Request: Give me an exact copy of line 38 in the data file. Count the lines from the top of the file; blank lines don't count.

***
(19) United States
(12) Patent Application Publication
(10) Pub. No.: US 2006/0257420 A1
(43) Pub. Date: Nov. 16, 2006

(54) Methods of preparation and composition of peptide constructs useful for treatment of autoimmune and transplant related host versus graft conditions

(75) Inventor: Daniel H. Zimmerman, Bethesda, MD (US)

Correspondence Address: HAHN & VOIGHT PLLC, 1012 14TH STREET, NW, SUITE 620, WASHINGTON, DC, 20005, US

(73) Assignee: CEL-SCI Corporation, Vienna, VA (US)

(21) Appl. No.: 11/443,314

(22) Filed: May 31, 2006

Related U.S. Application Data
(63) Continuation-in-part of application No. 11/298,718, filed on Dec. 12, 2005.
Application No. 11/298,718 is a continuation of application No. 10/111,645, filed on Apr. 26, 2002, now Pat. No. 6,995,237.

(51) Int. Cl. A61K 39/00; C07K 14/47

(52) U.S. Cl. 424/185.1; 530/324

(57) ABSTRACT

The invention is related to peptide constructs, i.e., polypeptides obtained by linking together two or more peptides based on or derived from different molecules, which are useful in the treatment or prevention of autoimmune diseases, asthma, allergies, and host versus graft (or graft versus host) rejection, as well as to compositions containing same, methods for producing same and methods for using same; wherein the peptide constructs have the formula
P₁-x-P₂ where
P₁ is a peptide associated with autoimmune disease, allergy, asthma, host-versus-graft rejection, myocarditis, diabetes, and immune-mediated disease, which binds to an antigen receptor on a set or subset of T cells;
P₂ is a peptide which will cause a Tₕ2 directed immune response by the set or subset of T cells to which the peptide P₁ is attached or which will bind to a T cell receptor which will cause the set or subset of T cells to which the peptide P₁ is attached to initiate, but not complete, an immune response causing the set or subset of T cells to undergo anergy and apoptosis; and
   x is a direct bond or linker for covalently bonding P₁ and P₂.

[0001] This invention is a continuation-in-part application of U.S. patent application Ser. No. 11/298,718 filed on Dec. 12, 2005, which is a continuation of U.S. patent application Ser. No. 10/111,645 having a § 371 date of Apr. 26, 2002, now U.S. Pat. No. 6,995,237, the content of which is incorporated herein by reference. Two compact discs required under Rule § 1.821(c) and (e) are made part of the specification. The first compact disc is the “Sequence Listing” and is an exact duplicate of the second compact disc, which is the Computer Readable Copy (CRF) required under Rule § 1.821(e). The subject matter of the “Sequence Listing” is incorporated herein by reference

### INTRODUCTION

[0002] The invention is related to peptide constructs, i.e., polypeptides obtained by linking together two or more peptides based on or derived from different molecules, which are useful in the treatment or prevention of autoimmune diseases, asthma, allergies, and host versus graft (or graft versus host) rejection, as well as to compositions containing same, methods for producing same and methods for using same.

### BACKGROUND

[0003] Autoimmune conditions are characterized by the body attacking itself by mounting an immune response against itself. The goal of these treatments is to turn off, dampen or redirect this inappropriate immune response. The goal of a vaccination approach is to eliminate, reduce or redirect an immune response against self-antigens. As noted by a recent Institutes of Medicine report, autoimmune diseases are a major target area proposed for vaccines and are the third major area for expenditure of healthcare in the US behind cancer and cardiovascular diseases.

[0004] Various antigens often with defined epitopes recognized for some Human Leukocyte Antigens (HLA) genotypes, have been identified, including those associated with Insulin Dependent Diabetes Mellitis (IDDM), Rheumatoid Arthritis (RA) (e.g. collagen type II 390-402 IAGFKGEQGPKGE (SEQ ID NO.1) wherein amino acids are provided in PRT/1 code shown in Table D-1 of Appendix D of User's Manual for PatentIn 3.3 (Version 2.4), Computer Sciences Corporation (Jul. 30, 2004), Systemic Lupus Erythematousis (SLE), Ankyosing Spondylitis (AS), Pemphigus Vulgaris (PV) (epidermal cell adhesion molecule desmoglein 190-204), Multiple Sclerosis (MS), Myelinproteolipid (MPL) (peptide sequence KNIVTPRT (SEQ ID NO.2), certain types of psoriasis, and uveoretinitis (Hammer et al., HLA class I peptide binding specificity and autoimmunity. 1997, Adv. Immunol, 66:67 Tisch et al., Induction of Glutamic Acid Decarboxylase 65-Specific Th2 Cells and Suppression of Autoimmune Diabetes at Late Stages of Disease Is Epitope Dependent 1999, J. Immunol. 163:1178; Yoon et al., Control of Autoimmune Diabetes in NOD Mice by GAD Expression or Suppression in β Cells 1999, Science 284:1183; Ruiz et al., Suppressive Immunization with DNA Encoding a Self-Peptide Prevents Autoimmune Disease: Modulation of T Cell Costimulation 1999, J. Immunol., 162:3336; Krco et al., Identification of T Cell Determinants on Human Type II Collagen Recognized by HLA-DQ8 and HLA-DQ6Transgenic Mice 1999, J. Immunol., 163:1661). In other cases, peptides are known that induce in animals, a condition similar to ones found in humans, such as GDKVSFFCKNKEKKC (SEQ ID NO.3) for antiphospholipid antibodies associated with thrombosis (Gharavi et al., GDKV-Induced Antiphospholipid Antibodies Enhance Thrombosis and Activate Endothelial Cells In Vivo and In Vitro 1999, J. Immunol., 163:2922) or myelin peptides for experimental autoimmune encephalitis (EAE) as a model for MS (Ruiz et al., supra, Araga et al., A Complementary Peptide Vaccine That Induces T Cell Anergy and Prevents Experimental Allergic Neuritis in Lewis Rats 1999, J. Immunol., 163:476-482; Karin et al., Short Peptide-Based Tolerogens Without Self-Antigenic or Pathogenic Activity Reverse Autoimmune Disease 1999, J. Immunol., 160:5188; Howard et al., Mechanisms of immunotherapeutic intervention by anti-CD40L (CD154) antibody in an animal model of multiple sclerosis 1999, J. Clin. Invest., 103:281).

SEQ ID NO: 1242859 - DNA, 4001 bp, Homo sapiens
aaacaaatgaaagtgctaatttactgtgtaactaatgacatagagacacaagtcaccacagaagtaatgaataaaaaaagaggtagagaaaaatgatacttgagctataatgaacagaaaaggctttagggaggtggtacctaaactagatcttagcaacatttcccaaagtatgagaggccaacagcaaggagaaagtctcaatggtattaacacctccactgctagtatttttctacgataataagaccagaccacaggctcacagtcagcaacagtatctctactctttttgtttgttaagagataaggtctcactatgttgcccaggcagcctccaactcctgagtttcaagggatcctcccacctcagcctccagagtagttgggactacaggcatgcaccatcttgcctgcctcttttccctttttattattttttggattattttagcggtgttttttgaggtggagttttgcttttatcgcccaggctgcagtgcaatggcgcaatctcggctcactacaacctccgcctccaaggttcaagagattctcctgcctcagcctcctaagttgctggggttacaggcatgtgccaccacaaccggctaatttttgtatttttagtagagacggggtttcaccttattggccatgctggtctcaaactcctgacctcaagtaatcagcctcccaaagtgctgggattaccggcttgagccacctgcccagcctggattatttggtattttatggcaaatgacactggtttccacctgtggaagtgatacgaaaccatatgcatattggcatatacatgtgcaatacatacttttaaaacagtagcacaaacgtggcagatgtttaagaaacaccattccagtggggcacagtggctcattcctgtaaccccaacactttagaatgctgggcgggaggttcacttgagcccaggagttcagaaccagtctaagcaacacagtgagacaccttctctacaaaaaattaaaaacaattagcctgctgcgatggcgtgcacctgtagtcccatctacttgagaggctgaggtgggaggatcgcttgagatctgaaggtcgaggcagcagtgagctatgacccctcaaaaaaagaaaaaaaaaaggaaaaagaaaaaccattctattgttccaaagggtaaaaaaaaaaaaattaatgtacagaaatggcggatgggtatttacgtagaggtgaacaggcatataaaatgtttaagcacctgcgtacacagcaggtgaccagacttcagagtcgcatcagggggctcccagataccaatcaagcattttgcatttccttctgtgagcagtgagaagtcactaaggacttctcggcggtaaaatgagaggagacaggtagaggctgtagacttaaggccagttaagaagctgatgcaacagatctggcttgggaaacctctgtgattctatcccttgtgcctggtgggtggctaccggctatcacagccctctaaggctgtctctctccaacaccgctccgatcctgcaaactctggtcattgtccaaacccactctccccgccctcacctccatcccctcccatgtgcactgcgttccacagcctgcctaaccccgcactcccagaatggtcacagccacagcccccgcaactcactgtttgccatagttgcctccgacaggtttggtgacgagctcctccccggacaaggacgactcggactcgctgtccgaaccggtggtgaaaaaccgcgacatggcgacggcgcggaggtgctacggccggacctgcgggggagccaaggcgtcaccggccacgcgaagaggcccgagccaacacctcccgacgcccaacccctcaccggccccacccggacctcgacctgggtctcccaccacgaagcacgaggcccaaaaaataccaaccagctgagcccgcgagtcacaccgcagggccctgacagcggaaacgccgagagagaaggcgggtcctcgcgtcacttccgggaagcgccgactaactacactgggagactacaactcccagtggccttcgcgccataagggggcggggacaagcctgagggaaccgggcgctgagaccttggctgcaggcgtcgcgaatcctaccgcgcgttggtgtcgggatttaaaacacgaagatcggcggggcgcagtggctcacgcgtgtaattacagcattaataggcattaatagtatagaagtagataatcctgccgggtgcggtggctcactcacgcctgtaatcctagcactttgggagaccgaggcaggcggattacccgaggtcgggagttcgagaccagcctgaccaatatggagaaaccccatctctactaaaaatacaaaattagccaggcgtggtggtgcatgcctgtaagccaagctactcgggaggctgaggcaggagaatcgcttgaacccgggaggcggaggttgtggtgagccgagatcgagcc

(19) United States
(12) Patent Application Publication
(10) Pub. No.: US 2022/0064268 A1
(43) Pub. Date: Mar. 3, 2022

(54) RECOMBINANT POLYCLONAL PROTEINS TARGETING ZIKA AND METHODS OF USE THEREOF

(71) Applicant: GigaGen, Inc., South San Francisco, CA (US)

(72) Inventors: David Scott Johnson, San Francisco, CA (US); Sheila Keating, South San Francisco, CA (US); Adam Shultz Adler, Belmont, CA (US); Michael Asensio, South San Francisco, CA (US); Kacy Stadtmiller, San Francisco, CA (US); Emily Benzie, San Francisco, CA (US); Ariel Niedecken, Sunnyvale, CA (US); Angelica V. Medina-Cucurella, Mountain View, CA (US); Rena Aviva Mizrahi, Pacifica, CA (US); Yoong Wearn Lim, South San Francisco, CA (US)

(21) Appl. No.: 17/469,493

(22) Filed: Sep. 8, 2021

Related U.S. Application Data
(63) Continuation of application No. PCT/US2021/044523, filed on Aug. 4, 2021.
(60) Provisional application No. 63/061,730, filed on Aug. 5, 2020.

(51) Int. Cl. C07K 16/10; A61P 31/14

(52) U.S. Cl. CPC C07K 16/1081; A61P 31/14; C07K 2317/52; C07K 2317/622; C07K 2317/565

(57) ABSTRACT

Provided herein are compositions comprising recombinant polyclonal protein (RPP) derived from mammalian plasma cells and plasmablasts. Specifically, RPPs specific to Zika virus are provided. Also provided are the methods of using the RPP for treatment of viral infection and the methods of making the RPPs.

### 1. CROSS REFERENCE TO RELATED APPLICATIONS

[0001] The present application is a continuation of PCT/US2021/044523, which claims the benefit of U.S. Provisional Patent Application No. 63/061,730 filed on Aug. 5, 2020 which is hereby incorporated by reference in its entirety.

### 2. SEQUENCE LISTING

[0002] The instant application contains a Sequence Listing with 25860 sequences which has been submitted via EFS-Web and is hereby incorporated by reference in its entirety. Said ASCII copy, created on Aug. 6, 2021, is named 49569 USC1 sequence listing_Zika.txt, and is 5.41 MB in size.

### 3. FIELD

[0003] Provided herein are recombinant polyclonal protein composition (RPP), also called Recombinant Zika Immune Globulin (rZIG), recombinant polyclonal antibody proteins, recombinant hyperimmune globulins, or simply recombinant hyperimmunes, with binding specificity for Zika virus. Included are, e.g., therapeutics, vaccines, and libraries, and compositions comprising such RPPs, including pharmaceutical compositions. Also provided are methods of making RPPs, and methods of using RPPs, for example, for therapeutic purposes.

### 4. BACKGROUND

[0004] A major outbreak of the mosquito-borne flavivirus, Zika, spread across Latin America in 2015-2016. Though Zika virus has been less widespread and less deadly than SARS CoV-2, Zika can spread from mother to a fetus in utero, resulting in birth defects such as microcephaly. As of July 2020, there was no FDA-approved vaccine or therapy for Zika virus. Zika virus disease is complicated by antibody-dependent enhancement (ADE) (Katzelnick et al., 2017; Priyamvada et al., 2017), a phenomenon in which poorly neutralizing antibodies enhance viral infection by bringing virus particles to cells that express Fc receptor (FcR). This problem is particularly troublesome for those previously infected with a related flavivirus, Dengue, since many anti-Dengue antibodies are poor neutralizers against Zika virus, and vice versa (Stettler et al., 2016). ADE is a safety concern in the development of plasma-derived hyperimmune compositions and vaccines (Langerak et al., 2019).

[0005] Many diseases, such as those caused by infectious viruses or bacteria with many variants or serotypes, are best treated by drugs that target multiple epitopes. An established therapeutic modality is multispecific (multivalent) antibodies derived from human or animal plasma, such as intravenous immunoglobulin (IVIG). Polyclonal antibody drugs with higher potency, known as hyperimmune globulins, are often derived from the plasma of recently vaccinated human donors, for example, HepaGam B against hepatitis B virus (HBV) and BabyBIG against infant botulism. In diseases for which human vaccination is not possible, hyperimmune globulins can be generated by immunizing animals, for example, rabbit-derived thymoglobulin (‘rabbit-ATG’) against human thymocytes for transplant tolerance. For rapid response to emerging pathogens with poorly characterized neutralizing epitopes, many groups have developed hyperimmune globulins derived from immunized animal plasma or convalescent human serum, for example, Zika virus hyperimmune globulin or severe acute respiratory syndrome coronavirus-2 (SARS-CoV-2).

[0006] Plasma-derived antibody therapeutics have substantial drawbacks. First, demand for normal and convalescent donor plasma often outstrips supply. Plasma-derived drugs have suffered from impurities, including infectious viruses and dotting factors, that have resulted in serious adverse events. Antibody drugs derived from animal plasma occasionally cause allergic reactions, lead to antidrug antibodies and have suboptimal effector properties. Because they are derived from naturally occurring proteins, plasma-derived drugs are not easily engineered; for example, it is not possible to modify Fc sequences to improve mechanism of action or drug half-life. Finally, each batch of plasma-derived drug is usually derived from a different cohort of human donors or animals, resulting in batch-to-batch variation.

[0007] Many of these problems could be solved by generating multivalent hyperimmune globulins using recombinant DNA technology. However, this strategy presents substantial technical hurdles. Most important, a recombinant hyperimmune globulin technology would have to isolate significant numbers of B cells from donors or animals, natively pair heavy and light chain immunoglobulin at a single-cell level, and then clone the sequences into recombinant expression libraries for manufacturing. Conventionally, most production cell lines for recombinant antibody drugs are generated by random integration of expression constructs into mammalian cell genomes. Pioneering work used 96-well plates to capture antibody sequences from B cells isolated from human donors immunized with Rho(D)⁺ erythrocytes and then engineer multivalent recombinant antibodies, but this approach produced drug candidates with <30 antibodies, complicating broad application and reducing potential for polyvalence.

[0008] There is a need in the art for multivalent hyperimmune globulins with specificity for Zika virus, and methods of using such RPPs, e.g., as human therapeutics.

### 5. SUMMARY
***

(22) Filed: Sep. 8, 2021